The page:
“When used correctly, the NHS has enormous potential to enable research, increase efficiency and enable better decision-making,” Caley said. “The use of artificial intelligence will also be vital to support these efforts. At a time when the NHS is under significant pressure, technology can help healthcare professionals continue to provide the good care that weighs them down and potentially reduce burnout. “

“Investing in the cloud, for example, can help the NHS provide better services to patients and add more value to taxpayers,” Caley said. “Data has been an important resource in dealing with the Covid-19 pandemic and now is the time to invest in the digital infrastructure the NHS needs to better rebuild. “

Financing of qualification

The second notable development in the fall budget was the government’s investment of $ 3.8 billion.

“This fall budget is all about technology,” said Russ Shaw CBE, founder of Tech London Advocates and Global Tech Advocates. “With a commitment to retrain the nation through a 42% increase in skills spending and a formal criterion for the long-awaited scale-up visa, the Chancellor has announced a series of proposals that will expand the scope of our startup sector to support become our unicorns. “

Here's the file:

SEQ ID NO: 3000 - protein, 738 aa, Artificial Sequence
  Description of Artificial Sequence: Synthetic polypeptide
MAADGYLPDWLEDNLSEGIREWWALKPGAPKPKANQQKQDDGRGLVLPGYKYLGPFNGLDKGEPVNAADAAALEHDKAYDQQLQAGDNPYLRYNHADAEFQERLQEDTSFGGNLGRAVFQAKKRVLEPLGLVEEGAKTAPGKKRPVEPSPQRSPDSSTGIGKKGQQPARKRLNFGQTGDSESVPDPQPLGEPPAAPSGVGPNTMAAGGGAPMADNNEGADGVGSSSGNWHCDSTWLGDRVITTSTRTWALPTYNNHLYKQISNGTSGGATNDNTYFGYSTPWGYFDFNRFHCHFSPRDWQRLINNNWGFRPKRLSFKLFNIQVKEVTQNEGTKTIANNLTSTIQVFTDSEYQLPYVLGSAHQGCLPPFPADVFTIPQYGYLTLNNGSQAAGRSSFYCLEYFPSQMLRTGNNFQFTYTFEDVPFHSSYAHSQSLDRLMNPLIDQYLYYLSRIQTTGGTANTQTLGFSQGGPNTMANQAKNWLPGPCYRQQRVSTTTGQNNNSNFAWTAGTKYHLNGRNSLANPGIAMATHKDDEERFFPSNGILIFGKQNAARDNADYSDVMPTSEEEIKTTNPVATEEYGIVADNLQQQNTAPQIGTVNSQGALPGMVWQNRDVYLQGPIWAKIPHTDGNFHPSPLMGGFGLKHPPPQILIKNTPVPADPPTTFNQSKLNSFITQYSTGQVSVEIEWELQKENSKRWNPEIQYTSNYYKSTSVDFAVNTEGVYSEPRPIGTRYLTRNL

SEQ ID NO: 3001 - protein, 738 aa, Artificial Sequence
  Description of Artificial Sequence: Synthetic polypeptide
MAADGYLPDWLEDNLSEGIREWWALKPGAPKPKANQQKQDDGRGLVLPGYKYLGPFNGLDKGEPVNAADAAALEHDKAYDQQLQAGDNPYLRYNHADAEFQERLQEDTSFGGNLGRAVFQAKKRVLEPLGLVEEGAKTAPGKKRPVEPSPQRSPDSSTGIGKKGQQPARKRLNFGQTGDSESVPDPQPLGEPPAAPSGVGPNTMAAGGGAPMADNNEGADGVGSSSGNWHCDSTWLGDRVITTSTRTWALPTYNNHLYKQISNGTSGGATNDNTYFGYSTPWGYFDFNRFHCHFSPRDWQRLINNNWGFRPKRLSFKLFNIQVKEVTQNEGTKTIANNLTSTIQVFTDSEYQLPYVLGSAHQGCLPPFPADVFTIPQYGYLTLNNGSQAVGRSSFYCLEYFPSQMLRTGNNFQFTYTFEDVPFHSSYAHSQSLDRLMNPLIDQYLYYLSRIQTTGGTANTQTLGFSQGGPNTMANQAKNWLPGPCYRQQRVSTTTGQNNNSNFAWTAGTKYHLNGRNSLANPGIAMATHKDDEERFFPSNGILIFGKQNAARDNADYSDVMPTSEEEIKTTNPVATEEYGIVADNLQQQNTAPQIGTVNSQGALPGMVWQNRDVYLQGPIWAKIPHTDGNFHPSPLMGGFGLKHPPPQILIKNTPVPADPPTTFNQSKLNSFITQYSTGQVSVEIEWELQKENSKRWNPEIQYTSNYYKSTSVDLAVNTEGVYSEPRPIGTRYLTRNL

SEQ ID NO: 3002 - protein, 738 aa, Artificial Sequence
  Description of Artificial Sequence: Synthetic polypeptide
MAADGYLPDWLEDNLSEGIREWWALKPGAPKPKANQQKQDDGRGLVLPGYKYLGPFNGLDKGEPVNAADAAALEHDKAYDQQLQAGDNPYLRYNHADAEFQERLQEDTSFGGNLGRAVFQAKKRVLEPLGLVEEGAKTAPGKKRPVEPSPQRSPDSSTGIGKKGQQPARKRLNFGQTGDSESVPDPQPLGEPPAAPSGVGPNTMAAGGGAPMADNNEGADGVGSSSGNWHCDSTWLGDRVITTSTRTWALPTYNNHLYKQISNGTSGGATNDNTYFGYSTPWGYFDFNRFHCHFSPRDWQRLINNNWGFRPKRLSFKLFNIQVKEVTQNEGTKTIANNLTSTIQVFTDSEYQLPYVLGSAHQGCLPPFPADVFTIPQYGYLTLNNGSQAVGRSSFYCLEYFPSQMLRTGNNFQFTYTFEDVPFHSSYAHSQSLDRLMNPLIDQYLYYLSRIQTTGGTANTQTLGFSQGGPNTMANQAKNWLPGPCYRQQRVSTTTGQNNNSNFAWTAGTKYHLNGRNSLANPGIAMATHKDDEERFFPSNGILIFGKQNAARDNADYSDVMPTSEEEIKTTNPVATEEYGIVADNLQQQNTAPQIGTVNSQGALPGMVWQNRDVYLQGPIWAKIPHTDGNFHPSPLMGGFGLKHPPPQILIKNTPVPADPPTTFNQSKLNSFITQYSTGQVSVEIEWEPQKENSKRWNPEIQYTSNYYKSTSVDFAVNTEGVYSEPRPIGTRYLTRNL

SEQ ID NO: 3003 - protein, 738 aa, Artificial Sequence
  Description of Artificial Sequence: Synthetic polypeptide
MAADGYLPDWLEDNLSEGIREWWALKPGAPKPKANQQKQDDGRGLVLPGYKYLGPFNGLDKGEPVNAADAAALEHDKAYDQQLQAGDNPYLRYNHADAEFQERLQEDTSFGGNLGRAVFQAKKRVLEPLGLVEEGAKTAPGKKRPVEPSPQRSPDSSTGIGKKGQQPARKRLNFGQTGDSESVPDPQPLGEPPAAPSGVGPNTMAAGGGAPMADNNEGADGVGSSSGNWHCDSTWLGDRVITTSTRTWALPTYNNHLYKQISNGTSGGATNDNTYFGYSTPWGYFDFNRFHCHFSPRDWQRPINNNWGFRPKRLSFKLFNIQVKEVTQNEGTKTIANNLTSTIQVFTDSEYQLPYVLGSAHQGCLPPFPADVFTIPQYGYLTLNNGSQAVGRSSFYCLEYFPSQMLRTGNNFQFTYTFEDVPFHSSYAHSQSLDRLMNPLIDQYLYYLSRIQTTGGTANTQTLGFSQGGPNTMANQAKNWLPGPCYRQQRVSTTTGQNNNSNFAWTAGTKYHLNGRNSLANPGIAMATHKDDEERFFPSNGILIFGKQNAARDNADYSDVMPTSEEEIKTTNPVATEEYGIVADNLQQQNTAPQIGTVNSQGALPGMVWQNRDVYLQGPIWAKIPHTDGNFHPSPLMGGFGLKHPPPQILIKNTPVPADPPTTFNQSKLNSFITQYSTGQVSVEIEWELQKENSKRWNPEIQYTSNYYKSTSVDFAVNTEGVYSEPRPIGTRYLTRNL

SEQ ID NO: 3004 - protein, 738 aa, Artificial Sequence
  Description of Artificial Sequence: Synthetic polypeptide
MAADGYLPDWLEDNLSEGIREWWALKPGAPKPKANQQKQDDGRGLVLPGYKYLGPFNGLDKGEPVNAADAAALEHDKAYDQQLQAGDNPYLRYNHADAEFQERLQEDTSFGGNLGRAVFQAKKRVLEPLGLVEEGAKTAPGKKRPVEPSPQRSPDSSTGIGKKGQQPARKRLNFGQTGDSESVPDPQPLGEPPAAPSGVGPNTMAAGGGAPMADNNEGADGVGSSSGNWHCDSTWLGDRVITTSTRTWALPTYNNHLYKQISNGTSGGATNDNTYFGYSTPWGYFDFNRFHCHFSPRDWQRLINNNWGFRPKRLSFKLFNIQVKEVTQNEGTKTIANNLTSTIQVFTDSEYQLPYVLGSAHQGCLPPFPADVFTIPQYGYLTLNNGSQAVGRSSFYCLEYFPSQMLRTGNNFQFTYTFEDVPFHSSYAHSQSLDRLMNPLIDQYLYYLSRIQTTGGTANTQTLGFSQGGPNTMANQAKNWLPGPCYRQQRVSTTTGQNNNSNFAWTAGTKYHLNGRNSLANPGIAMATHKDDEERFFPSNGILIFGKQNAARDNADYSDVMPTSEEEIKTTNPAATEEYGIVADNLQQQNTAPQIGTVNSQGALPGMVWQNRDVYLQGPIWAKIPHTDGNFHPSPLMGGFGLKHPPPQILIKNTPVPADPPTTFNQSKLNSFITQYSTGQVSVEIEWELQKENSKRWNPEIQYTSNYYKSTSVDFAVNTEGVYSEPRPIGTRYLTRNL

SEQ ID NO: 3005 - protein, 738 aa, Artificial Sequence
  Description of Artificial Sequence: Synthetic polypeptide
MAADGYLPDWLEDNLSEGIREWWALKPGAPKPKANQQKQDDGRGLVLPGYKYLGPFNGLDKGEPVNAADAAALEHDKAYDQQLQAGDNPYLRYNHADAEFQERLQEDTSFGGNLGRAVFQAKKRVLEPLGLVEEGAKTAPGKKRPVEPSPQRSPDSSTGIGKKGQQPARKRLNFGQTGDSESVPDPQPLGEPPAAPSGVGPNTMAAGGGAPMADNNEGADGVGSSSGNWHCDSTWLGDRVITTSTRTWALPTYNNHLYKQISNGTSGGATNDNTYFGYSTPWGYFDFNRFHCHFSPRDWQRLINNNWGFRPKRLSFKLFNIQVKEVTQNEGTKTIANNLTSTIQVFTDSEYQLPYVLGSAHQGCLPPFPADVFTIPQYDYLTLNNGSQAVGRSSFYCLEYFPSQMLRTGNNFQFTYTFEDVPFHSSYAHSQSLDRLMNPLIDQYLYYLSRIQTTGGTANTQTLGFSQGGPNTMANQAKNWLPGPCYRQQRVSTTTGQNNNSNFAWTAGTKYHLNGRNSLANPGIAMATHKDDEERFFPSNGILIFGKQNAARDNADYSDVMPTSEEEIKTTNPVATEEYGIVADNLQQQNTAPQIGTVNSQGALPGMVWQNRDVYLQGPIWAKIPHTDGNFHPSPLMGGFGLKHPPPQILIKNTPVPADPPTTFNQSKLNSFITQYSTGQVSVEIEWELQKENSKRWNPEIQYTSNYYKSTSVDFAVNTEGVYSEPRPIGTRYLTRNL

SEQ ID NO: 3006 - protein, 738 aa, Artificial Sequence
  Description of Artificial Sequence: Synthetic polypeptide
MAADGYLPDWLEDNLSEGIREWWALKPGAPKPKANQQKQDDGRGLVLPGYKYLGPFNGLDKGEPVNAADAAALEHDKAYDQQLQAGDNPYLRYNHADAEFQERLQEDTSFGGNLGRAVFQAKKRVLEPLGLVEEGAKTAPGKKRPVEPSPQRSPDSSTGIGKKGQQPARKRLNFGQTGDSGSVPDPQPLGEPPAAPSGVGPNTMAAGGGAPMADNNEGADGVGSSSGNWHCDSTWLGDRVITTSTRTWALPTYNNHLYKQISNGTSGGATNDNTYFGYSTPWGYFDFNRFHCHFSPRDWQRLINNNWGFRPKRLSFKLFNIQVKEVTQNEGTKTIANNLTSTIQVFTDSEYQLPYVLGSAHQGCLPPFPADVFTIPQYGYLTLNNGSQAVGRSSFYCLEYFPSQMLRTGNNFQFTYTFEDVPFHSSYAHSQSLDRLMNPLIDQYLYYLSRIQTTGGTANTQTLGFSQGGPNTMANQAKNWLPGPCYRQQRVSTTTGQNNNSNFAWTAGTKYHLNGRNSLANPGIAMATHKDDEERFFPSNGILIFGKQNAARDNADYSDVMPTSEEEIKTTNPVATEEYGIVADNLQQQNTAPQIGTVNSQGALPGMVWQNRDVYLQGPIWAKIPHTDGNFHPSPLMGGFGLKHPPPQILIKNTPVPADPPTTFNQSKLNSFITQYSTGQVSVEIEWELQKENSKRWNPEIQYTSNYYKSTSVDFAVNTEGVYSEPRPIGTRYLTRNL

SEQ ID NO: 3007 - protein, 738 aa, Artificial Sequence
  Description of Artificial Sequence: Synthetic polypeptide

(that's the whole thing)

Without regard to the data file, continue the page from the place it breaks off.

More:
“After thirty years in the industry, he is very happy to see technology finally take its place at the forefront of government policy,” said Shaw. “This government is to be congratulated for its strong commitment to digital innovation as a means of economic recovery and job creation – although in addition to computer programs such as ‘Multiply’, additional investments in skills will be made. needed in the future to address the lack of technical skills. Ability to remedy it completely. “We are currently facing.